MANILA (UPDATED) — The Philippines on Friday received over 3.3 million COVID-19 vaccine doses from different manufacturers, as the country aimed to expand its vaccination program for teens and the general population this month.
A total of 883,350 COVAX-donated COVID-19 shots manufactured by Pfizer arrived at the Ninoy Aquino International Airport (NAIA) Terminal 3 past 4 p.m. via Emirates flight EK332.
The doses were donated by the United States government through the vaccine sharing platform, authorities said.
“The United States is really happy to be able to provide support not just to Metro Manila, but to the greater Philippines, Cebu and Davao,” US Embassy Charge d’ Affaires Heather Variava said.
“Over the course of the next couple of days, you will see 5.5 million more doses arrive in the Philippines,” she added.
Vaccine czar Sec. Carlito Galvez Jr. thanked the US government and COVAX for the donated vaccines.
He said Calabarzon, Central Luzon, Central Visayas, and the Davao Region will receive bulk of the newly delivered jabs.
“We would like to thank again our partners, our allied nations for the donations you have given to us. We would like also to thank the American people for your generosity, and thank you for helping us in this time of need,” Galvez said.
Shortly before 6 p.m., Philippine authorities also welcomed a total of 2.5 million doses of Sinovac vaccines at the NAIA Terminal 2 flown via Philippine Airlines flight PR359.
The deliveries raised the country's total received virus jabs to 74.7 million as of Friday night, majority or 41.5 million of which were from China's Sinovac.
Galvez said that the country is expecting over 30 million more vaccine doses in October alone. This includes donated and procured shots, he said.
He is also optimistic that the country's total vaccine deliveries would reach 100 million doses by the end of the month, as he expects more in the coming days.
Philippine authorities seek to vaccinate teens aged 12 to 17 with comorbidities by mid-October, and the general population also this month.
The country now has enough vaccine supply to achieve this during the pilot implementation, according to Galvez.
“Mayroon na tayong enough supply. I believe ‘yung pilot lang naman natin initially are only here in Metro Manila. Sa accounting namin 1.2 million (individuals) lang ‘yun eh. Kayang-kaya po natin ‘yun,” he said.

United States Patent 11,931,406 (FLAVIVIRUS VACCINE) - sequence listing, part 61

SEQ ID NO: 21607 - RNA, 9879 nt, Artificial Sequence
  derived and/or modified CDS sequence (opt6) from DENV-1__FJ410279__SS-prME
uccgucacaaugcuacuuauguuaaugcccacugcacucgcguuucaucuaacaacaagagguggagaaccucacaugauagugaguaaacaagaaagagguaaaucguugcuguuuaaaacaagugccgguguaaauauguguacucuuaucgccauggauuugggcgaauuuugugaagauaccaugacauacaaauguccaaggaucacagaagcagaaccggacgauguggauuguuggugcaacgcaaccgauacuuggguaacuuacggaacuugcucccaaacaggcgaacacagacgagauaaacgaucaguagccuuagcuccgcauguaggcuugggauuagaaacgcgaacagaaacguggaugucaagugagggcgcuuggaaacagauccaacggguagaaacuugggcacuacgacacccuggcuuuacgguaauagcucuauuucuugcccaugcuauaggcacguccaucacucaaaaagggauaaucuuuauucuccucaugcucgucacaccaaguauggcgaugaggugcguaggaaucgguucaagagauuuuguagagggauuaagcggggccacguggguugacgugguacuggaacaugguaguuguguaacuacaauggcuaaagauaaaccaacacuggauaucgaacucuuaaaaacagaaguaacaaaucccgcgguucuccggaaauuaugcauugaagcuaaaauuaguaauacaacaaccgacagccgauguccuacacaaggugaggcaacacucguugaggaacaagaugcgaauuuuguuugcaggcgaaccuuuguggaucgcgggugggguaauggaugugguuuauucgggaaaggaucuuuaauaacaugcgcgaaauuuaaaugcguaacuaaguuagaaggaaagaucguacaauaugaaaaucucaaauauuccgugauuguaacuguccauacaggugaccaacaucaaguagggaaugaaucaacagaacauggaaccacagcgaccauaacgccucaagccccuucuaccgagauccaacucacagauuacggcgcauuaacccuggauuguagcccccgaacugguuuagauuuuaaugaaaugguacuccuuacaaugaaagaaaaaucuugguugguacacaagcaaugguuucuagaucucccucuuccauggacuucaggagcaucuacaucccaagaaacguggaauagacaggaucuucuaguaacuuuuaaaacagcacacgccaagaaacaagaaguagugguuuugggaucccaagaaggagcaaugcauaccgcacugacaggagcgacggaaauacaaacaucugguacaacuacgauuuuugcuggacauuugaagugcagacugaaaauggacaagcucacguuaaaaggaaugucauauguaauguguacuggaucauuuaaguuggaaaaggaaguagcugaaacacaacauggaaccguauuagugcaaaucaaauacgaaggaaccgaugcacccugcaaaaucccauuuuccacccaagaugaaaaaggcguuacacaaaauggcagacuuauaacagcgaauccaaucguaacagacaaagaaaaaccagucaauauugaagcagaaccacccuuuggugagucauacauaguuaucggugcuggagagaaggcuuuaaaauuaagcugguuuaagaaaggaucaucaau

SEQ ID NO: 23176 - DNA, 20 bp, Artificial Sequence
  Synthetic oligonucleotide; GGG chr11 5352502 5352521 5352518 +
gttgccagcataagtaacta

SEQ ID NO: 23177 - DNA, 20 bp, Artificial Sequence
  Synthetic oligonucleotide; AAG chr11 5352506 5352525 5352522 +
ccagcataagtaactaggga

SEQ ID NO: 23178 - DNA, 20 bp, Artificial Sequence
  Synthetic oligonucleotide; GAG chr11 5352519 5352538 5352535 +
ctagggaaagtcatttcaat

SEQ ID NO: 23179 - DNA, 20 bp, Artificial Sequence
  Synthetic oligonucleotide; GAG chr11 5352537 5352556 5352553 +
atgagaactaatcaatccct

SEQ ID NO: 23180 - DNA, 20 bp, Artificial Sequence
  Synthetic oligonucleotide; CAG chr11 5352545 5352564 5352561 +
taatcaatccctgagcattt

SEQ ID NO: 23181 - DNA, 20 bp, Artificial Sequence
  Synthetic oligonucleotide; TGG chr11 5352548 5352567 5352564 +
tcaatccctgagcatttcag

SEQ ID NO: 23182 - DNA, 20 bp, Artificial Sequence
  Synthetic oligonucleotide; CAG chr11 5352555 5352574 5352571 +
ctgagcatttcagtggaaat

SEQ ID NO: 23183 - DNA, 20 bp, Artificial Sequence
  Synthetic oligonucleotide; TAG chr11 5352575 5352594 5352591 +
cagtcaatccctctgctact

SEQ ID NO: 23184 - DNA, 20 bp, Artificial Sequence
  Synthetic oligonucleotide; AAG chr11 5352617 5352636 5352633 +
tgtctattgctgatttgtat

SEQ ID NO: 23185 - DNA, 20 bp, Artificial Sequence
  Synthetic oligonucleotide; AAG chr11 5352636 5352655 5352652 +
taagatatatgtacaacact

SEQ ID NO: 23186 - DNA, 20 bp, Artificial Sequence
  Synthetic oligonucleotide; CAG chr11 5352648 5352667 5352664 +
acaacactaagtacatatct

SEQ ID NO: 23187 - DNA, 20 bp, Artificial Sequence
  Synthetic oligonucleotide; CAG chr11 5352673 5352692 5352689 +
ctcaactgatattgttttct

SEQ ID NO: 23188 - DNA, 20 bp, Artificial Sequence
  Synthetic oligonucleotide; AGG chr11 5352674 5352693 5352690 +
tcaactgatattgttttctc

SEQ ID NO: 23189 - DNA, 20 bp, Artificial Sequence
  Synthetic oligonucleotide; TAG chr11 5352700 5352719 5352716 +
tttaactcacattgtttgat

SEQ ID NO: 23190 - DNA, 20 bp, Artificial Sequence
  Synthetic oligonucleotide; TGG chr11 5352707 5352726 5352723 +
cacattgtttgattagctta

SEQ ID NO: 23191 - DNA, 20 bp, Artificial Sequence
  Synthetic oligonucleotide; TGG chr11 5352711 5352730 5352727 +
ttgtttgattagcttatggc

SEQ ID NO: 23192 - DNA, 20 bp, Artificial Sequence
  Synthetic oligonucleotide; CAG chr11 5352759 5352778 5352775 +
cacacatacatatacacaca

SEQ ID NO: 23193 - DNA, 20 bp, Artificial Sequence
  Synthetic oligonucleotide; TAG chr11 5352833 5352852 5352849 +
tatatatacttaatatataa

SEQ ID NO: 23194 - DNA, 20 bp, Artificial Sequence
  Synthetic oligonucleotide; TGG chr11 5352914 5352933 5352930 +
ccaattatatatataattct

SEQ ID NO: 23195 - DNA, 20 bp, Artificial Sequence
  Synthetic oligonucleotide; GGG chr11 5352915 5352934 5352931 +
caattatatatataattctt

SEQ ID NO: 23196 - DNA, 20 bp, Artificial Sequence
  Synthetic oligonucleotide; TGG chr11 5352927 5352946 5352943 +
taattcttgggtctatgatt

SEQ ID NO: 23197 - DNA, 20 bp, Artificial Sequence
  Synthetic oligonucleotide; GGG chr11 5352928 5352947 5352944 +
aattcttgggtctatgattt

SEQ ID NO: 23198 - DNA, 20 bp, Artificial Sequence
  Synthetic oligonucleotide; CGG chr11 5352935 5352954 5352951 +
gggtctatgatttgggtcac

(We have enough supplies. I think our pilot would be here in Metro Manila so we can achieve it)
Variava added that Pfizer's COVID jabs are safe for teens, based on the United States’ experience.
“We’ve been vaccinating adolescents in the United States since about May, and its’ been very successful, very safe,” she said.
The country's immunization program currently covers 5 priority groups, including health workers, the elderly, people with comorbidities, essential workers, and indigents.
The World Health Organization, meanwhile, reminded the Philippine government to continue prioritizing the vulnerable sectors, even when it aimed to expand its vaccination program.
“The pilot implementation is welcome, but we also need to bear in mind that although the case numbers are declining, there’s still a big vulnerable population of elderly and comorbid that needs to be protected,” WHO Country Representative Rabindra Abeyasinghe said.
“The optimum use of the vaccines will be to increase the coverage of the priority groups. This way we can bring back a sustainable opening of the economy. As long as we have a priority elderly and comorbid population not fully protected, we always run the risk that increased numbers of cases or new surge will necessitate a shutdown of the economy,” he warned.
The Philippines, which is fighting one of Asia's worst coronavirus outbreaks, has confirmed some 2.56 million infections, including 38,493 deaths overall. The recent jump in cases is linked to the highly contagious Delta variant.
At least 21.3 million of the country's target 77 million people have been fully vaccinated so far, while 24.2 million are partially vaccinated from the disease.
— reports from Job Manahan and Vivienne Gulla, ABS-CBN News